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Probability of encountering Covid-19 patients based on prevalence and testing during resumption of ophthalmology services

To the Editor:

As elective ophthalmic services prepare to resume after the Government lockdown of 23rd March and cessation of elective ophthalmic care on 28th March, measures are being planned to protect patients and professionals from exposure to Covid-19. These include isolating and swab testing patients for PCR before admission. A review of the performance of several PCR tests for Covid-19 showed false negative rates from 2% to 29% [1] raising concerns that potentially infectious but asymptomatic patients might go undetected.

We have developed a tool to calculate the probability of encountering an asymptomatic Covid-19 patient missed by PCR-based swab testing, using information on the known sensitivity (detection rate) and estimated specificity (1—false positive rate) of the diagnostic test, but also using information on the prevalence of disease [2], which is essential to calculate the predictive value of a positive or negative test. This is available on https://tinyurl.com/y7k2hdod (Supplementary Material).

To estimate the prevalence of Covid-19 we utilized a real-time database of self-reported symptoms captured through mobile phones. While not without limitations, these estimates have been validated against the results of swab testing and have predicted spikes of infection several days before they were detected [3]. Regional level data are published live at https://covid.joinzoe.com/data. Because this approach misses asymptomatic carriers, attempts to determine the percentage of these are based on analysis of passengers on repatriation flights, holiday makers confined on the Diamond Princess cruise ship, contact tracing in South Korea, an outbreak amongst American care home residents [4], and random sampling of Iceland’s population [5]. These studies estimate the rate of asymptomatic infection to be 49.8% (95% CI: 46.1–53.5%). This percentage encompasses those who are asymptomatic throughout the disease and those who are presymptomatic. In preoperatively isolated patients, the disease will become manifest or pass in a proportion of them.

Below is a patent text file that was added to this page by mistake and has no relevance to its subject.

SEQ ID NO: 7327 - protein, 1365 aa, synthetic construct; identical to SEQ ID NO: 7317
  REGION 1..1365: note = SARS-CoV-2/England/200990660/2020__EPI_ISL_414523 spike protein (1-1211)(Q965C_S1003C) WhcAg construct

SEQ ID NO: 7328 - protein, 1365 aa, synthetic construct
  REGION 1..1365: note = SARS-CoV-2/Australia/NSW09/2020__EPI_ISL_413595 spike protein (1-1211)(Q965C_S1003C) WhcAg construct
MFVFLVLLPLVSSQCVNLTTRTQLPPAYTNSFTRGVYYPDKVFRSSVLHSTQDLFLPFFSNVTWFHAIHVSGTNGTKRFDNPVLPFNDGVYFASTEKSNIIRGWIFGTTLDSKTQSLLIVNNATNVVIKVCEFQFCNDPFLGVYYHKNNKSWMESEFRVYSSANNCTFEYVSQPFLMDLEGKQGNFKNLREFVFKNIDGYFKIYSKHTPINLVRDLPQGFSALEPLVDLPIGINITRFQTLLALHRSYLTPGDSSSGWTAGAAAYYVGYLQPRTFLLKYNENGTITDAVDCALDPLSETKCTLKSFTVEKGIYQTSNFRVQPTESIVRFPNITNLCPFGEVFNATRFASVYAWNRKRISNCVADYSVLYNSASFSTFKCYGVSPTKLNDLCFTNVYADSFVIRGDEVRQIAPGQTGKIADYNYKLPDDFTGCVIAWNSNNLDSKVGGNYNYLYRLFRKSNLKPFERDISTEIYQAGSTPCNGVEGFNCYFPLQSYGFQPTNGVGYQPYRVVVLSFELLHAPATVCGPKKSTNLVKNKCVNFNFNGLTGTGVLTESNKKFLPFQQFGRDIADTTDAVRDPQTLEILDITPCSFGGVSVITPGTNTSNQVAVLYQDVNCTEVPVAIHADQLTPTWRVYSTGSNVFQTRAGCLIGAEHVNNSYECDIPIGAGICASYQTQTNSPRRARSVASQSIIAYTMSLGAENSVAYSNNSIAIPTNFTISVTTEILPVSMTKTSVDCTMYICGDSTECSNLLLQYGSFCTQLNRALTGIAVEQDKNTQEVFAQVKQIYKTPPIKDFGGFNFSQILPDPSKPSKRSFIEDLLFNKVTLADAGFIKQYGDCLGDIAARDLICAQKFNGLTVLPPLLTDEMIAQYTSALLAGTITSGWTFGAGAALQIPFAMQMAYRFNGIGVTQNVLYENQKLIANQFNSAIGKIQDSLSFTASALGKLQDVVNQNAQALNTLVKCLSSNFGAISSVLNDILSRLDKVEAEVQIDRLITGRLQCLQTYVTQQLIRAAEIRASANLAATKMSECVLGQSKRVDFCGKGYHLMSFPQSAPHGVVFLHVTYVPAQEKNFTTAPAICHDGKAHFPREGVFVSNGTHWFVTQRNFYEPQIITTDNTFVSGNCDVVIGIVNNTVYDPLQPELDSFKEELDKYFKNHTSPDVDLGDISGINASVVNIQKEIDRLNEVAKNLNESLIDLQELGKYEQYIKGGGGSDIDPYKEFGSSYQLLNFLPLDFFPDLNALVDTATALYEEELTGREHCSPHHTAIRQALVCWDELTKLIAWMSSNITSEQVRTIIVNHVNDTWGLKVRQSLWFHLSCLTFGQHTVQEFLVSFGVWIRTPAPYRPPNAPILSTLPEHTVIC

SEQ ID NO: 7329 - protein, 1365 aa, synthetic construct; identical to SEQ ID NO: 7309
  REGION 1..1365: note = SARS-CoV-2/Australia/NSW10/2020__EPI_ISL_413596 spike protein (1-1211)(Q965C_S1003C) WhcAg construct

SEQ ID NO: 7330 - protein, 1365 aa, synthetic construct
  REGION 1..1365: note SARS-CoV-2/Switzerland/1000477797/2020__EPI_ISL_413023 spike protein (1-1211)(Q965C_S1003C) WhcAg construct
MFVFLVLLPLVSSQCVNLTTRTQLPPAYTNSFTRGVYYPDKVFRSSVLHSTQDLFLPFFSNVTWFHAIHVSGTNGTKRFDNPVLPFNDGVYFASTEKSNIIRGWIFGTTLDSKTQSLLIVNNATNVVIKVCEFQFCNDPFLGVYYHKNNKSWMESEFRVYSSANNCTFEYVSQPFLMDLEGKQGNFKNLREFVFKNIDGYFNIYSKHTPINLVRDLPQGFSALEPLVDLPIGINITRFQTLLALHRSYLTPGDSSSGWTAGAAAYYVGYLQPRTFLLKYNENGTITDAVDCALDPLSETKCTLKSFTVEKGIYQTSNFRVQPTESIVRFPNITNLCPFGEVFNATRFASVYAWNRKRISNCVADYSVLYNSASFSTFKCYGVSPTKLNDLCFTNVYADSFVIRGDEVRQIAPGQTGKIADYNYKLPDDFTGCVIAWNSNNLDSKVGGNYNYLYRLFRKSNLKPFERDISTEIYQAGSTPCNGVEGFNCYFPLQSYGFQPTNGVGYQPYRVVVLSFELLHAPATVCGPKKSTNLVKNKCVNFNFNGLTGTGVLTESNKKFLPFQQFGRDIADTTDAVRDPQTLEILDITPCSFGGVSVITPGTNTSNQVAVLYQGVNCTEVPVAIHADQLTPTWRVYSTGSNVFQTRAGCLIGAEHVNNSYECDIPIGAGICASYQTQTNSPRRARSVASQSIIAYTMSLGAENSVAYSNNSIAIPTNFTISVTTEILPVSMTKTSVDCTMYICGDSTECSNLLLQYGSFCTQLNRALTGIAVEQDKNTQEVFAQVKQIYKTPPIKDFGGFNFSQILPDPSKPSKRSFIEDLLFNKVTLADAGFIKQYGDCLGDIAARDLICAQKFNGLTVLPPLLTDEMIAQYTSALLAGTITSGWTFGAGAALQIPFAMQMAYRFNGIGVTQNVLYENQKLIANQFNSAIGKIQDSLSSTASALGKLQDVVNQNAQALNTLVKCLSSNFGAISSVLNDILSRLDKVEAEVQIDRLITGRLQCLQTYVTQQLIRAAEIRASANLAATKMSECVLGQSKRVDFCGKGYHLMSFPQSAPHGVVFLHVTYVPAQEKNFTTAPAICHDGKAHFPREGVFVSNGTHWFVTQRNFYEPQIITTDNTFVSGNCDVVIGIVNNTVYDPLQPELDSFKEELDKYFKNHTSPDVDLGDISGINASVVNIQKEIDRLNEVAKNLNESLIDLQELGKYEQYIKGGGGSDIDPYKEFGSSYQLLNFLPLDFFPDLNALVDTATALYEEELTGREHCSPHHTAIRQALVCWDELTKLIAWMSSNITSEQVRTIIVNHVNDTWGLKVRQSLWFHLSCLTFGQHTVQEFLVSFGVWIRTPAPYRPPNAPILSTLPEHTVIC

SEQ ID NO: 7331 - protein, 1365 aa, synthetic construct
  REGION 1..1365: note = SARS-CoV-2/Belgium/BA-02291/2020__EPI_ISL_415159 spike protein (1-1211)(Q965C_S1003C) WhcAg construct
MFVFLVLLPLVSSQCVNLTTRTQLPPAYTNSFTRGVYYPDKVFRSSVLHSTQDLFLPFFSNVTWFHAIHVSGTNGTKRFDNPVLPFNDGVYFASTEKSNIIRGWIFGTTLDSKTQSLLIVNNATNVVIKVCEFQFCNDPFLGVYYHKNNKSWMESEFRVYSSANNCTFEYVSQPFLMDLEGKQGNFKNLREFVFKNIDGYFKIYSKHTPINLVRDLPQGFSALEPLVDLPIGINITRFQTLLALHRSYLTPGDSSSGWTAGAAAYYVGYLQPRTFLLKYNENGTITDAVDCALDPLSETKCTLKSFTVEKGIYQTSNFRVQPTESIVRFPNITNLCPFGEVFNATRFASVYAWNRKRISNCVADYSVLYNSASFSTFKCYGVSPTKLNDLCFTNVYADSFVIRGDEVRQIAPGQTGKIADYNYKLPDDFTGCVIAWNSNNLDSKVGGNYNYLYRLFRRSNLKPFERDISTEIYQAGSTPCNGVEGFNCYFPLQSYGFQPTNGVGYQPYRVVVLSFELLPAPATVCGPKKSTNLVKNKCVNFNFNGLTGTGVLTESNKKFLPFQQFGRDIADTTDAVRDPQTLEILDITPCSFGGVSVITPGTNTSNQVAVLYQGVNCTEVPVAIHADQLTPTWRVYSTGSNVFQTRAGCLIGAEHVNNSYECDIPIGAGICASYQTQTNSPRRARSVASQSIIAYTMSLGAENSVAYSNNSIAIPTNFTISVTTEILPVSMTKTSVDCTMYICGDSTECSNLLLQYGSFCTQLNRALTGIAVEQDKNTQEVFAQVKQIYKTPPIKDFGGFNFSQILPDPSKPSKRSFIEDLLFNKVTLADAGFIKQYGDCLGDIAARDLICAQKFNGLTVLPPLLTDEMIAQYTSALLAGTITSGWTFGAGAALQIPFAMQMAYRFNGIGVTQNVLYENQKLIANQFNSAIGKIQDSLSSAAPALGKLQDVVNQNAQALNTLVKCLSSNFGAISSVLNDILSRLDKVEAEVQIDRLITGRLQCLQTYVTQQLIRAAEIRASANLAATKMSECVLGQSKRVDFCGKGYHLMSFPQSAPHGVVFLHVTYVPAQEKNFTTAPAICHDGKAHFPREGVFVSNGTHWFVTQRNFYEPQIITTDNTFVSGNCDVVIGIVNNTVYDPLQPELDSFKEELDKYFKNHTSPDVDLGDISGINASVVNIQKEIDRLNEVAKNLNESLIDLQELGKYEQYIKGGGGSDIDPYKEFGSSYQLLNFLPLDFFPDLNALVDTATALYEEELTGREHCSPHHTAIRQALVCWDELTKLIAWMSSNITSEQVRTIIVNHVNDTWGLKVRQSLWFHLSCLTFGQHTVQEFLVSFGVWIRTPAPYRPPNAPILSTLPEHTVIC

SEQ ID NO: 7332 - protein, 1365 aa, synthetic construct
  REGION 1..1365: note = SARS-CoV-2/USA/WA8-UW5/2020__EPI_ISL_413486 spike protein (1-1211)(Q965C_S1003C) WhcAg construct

For example, on 28th May the estimated Covid-19 prevalence for Bristol was 0.6%. With an asymptomatic rate of 49.8%, the prevalence of asymptomatic Covid-19 would be 0.3%, giving an overall prevalence of 0.9%. Assuming a Covid-19 PCR test has a 71% detection rate (29% false negative rate), and that the detection rate does not differ among those who are symptomatic or not, the proportion of individuals with a negative test without infection (the negative predictive value) would be 99.7% (Table 1) and with infection (1-NPV) would be 0.3%. Of these, under one-third would be asymptomatic. In other words, to encounter one PCR-negative asymptomatic Covid-19 patient, we would need to assess 1135 patients.

Table 1 Binary classification table of symptomatic and asymptomatic Covid-19 patients by PCR testing characteristics for a symptomatic prevalence of 0.6%, asymptomatic rate of 49.8%, detection rate of 71%, and false negative rate of 1%.

Conversely, assuming a false positive rate of 1%, only 39% of those who test positive would actually be infected. Therefore 61% of the swab-positive patients are likely to have elective procedures delayed even if they are not infected. An unknown proportion of these PCR-positive patients would also have Covid-19 symptoms but without having the disease.

This tool may aid managers and clinical leads tailor measures to prevent nosocomial spread of Covid-19 to their local conditions. This will allow a more appropriate balancing of the degree of infection control measures against the burden on patients and service capacity, to support maintenance of safe services. It may also help staff gain a clearer perspective of the probability of encountering PCR-negative asymptomatic Covid-19 patients.

References

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Correspondence to Johannes Keller.

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Keller, J., Liyanage, S.E., Hingorani, M. et al. Probability of encountering Covid-19 patients based on prevalence and testing during resumption of ophthalmology services. Eye 35, 1275–1276 (2021). https://doi.org/10.1038/s41433-020-1089-4

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